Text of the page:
The update introduces a new GPU-accelerated smoke shader, described as being “3x faster” than the previous shading system when working with area lights.

The new shader should also provide a more accurate preview of the interaction between scene lighting and smoke, including support for self-shadowing and Spot lights.

Houdini’s Principled shader has been updated to reduce visual differences between the way that assets appear in the Houdini viewport and those of other DCC tools like Substance Painter, Marmoset Toolbag and UE4; and visual differences between the viewport and output rendered with Houdini’s Mantra renderer.

There is also a new shader aimed at game artists, with support for Mikk T tangent space.

 

 
Workflow: rewrites to key SOPs, new multi-output display options
Workflow changes include a “ground-up” rewrite of the Measure SOP, adding the option to calculate the curvature and gradient of a surface, as well as its area or volume.

Values can be displayed visually by means of viewport colour-coding, including a built-in histogram display.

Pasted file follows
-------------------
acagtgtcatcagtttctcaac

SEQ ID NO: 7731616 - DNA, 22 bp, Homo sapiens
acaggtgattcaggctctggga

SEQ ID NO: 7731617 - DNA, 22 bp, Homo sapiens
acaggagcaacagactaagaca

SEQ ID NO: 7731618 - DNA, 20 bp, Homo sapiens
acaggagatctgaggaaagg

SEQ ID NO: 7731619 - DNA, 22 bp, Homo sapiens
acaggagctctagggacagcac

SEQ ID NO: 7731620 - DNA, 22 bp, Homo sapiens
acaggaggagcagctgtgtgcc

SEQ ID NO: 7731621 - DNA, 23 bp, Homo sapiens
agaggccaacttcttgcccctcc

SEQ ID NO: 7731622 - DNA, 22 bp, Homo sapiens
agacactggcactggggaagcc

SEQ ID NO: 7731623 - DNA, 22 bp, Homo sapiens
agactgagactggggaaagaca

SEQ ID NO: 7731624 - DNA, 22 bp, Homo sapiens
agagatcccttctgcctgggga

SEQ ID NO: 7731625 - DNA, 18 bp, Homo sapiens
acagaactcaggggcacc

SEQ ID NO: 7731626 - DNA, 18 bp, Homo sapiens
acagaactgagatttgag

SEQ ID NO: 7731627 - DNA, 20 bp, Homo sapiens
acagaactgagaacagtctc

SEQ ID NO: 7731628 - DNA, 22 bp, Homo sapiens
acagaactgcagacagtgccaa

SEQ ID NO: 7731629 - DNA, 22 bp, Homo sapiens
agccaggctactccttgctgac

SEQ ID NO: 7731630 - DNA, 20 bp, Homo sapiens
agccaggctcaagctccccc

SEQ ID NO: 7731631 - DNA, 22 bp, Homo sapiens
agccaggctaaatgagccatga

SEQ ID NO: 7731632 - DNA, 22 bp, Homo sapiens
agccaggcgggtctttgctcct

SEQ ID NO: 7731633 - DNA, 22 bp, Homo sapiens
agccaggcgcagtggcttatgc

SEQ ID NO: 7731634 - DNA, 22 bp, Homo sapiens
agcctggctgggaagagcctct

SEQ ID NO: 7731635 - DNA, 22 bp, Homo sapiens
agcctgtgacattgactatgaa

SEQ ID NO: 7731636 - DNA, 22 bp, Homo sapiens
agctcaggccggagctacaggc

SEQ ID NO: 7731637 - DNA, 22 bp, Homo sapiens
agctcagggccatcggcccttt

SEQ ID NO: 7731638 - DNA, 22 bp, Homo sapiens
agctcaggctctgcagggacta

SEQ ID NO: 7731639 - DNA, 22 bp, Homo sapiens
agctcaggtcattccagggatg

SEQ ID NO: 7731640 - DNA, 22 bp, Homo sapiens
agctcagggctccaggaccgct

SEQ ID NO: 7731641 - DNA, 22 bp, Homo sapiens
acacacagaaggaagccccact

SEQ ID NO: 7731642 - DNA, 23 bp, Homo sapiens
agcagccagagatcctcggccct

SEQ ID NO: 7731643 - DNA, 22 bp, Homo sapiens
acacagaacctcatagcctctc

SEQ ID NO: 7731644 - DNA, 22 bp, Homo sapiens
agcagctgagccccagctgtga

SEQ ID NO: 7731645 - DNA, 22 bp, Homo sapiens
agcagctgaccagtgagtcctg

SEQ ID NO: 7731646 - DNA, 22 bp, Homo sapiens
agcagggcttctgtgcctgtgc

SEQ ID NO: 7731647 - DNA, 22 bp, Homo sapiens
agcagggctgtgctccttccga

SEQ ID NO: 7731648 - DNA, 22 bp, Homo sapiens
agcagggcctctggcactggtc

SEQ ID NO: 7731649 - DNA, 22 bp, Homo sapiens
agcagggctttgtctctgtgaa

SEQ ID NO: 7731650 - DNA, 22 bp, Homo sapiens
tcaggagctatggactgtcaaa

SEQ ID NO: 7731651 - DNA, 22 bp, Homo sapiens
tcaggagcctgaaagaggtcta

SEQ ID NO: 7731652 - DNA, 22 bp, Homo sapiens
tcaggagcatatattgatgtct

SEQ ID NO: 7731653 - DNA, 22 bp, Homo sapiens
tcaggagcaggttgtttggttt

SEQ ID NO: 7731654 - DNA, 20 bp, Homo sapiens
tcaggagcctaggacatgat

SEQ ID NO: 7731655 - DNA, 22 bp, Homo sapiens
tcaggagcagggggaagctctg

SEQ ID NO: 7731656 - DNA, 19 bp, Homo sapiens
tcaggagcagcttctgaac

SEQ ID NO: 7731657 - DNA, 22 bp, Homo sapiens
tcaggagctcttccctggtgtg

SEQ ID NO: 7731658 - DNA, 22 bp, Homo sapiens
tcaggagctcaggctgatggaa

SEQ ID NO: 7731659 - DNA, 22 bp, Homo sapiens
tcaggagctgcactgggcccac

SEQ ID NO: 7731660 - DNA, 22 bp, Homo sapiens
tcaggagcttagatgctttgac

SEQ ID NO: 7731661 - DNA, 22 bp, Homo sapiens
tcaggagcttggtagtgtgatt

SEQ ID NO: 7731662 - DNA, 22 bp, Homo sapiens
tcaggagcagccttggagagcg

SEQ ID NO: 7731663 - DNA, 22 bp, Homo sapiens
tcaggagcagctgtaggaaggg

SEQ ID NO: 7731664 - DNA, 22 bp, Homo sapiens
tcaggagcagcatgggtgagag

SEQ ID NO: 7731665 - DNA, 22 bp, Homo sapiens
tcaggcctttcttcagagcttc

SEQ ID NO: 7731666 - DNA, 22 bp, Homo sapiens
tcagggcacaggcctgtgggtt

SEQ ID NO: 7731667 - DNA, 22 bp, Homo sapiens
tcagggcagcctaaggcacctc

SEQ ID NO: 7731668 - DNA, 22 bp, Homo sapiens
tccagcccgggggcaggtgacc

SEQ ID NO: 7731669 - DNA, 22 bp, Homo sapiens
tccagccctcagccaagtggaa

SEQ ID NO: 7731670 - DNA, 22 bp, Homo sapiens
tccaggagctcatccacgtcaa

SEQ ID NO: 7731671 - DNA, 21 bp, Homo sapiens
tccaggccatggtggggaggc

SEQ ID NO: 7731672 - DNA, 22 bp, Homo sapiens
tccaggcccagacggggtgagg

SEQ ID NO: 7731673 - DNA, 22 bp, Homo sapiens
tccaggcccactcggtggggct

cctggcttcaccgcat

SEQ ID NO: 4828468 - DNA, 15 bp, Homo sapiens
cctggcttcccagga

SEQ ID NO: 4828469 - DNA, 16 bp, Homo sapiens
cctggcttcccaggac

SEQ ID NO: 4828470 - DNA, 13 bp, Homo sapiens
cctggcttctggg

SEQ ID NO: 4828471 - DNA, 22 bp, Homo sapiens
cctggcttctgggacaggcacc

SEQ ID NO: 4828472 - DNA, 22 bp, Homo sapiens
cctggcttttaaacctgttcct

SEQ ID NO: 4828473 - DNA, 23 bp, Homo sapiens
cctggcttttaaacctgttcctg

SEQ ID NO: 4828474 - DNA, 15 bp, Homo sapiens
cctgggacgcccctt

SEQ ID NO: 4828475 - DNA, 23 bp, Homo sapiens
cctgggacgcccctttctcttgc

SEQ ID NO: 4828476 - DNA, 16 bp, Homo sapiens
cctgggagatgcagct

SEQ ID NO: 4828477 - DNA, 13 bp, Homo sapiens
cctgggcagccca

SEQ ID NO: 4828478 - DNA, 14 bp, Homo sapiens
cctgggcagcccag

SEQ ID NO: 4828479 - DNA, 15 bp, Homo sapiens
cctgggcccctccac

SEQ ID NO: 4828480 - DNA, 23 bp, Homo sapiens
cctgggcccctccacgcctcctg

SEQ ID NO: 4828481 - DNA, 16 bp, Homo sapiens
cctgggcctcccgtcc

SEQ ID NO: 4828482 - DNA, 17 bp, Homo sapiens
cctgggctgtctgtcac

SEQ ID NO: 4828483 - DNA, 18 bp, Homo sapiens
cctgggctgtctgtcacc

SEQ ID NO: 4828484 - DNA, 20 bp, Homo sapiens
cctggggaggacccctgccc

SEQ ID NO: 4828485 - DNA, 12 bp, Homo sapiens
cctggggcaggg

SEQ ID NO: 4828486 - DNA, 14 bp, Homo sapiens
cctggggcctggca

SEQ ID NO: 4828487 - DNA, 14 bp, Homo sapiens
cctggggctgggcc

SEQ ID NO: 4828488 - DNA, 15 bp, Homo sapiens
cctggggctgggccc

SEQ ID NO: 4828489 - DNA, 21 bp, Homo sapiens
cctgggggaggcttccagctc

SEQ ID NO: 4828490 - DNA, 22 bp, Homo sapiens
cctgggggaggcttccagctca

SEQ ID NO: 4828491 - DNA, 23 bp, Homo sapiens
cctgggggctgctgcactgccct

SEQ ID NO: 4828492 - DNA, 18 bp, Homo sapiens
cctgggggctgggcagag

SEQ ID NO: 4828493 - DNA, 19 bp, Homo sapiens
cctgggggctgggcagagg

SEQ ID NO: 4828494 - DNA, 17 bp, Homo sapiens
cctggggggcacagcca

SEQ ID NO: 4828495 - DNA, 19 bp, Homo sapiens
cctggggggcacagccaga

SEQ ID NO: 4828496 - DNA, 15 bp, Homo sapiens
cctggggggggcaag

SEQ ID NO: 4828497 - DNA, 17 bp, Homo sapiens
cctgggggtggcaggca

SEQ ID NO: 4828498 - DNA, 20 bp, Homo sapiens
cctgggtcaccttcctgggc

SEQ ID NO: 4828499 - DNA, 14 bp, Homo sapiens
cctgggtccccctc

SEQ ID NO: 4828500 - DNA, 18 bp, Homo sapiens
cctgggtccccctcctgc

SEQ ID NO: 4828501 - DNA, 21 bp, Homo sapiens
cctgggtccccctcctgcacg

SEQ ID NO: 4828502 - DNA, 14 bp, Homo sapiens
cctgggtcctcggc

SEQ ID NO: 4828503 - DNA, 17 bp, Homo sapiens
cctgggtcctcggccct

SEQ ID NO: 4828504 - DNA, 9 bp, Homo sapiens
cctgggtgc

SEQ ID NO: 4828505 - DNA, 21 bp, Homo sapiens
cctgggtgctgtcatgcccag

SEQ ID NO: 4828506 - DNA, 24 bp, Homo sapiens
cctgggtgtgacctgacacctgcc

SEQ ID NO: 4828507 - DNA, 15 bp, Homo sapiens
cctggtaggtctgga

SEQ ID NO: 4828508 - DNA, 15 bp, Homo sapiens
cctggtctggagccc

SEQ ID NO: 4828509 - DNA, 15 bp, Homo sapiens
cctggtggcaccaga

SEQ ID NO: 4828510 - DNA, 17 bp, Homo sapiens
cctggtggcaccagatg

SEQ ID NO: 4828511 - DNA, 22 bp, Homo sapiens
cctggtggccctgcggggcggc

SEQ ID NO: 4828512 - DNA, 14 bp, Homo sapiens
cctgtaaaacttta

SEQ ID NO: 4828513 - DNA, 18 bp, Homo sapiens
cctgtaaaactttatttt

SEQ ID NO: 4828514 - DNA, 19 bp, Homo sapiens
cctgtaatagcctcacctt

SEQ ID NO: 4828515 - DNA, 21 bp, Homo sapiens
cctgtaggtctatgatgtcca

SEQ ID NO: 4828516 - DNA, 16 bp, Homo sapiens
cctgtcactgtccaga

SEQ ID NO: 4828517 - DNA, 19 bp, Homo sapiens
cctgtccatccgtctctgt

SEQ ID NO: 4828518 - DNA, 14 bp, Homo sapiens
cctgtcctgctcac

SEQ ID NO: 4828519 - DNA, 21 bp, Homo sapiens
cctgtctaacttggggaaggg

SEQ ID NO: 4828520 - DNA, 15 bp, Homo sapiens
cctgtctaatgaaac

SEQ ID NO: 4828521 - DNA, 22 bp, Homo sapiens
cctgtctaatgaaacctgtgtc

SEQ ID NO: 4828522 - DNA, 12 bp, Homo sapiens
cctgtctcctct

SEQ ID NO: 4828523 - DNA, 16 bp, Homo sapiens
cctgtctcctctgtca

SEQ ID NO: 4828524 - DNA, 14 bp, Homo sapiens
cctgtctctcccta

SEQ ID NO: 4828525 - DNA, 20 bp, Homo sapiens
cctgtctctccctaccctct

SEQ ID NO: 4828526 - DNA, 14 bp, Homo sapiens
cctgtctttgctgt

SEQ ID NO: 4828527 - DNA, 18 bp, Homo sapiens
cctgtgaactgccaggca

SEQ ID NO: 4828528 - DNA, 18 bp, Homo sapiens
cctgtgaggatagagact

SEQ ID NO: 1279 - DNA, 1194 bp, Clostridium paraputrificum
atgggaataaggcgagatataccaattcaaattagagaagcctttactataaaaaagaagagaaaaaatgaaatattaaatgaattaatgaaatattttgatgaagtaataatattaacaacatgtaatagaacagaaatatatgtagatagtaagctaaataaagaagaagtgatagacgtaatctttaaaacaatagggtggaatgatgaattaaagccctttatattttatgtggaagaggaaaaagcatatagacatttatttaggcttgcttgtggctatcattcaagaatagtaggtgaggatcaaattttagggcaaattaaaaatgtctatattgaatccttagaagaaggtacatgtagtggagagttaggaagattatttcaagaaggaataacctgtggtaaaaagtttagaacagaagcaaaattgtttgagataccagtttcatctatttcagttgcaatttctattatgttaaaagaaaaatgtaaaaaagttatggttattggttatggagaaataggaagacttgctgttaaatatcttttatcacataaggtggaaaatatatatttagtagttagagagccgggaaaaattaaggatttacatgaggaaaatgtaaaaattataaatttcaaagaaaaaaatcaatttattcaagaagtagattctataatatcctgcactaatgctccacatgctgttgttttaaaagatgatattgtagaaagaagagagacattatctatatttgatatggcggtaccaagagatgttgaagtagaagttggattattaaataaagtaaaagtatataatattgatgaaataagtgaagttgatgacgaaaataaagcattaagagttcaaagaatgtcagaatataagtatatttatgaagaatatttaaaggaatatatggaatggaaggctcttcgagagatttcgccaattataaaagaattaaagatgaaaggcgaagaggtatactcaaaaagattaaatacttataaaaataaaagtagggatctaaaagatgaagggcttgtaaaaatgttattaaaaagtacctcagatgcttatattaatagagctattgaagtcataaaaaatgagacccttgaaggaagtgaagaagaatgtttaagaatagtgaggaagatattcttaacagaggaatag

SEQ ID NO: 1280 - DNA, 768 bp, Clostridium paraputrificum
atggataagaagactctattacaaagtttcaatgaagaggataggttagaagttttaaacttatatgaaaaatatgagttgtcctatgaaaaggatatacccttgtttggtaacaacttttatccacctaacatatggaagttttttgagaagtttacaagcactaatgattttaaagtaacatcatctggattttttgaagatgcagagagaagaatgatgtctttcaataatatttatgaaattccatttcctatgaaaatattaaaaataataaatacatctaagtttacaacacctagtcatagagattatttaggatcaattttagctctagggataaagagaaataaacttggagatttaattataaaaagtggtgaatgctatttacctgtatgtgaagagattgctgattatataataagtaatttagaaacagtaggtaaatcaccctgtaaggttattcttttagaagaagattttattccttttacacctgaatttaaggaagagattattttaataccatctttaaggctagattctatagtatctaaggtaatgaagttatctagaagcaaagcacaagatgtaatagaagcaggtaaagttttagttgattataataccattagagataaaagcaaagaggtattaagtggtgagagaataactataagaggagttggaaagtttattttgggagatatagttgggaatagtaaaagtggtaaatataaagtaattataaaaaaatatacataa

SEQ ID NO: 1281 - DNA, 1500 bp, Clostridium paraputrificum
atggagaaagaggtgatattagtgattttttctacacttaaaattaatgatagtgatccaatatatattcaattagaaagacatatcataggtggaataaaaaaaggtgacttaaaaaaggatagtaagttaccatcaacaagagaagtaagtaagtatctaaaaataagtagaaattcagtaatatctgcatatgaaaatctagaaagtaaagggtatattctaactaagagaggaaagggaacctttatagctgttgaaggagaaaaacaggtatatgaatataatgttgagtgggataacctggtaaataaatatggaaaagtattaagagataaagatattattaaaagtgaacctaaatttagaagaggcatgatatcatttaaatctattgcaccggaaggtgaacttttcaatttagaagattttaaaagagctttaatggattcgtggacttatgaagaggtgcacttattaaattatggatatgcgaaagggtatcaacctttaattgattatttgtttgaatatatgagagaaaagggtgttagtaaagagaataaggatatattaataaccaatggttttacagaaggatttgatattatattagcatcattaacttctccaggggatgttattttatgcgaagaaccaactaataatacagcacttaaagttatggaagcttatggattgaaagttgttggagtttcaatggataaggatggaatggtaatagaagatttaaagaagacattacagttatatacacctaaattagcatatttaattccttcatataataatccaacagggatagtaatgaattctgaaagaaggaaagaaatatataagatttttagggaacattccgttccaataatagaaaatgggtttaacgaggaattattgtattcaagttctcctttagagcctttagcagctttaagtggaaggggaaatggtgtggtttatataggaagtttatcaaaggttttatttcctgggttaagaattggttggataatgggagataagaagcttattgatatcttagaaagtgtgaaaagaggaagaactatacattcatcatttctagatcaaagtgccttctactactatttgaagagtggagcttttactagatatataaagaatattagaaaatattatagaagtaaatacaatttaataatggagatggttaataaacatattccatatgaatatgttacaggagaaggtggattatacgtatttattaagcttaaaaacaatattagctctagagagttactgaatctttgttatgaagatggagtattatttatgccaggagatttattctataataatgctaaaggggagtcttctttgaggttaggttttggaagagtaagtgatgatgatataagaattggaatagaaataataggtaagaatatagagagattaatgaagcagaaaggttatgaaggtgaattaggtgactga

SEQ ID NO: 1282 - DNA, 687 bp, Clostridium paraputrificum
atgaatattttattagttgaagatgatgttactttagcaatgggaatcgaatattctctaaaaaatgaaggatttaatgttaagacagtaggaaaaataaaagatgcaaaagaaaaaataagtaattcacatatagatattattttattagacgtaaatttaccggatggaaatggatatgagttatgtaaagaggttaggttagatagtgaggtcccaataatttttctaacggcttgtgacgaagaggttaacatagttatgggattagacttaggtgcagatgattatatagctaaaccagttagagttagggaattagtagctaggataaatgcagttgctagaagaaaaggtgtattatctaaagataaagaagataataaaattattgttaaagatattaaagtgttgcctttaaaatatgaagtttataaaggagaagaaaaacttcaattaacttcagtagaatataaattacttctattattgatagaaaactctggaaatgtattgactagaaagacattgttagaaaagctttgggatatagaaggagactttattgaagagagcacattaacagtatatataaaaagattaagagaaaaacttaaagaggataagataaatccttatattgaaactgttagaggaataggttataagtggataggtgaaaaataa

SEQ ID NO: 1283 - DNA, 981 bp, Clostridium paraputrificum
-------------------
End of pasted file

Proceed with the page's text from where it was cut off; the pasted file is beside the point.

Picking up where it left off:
When working with nodes with multiple inputs and outputs, it is now possible to use the middle-mouse options to toggle between inputs, in both the node UI, the viewport and the geometry spreadsheet.

You can see more detailed demos of the features discussed above from 01:21:00 in the footage of the launch event; and a full list of new features at 01:40:00.

 
Updated 13 March 2019: Houdini 17.5 is now shipping. SideFX has updated the product website with an overview of the new features, while the online documentation has a more detailed list.

 
Pricing and system requirements
Houdini 17.5 is available for Windows 7+, Mac OS X 10.11+, and Linux distros.

Houdini FX currently costs $4,495 for a node-locked licence; $6,995 for a floating licence. Houdini Core, which lacks simulation tools, costs $1,995 for a node-locked licence; $2,995 for a floating licence.

There is also a free Houdini Apprentice learning edition and a lower-cost, rental-only Houdini Indie edition. Both save in their own file formats and have feature restrictions. See a product comparison table here.

Read a full list of new features in Houdini 17.5 in SideFX’s online documentation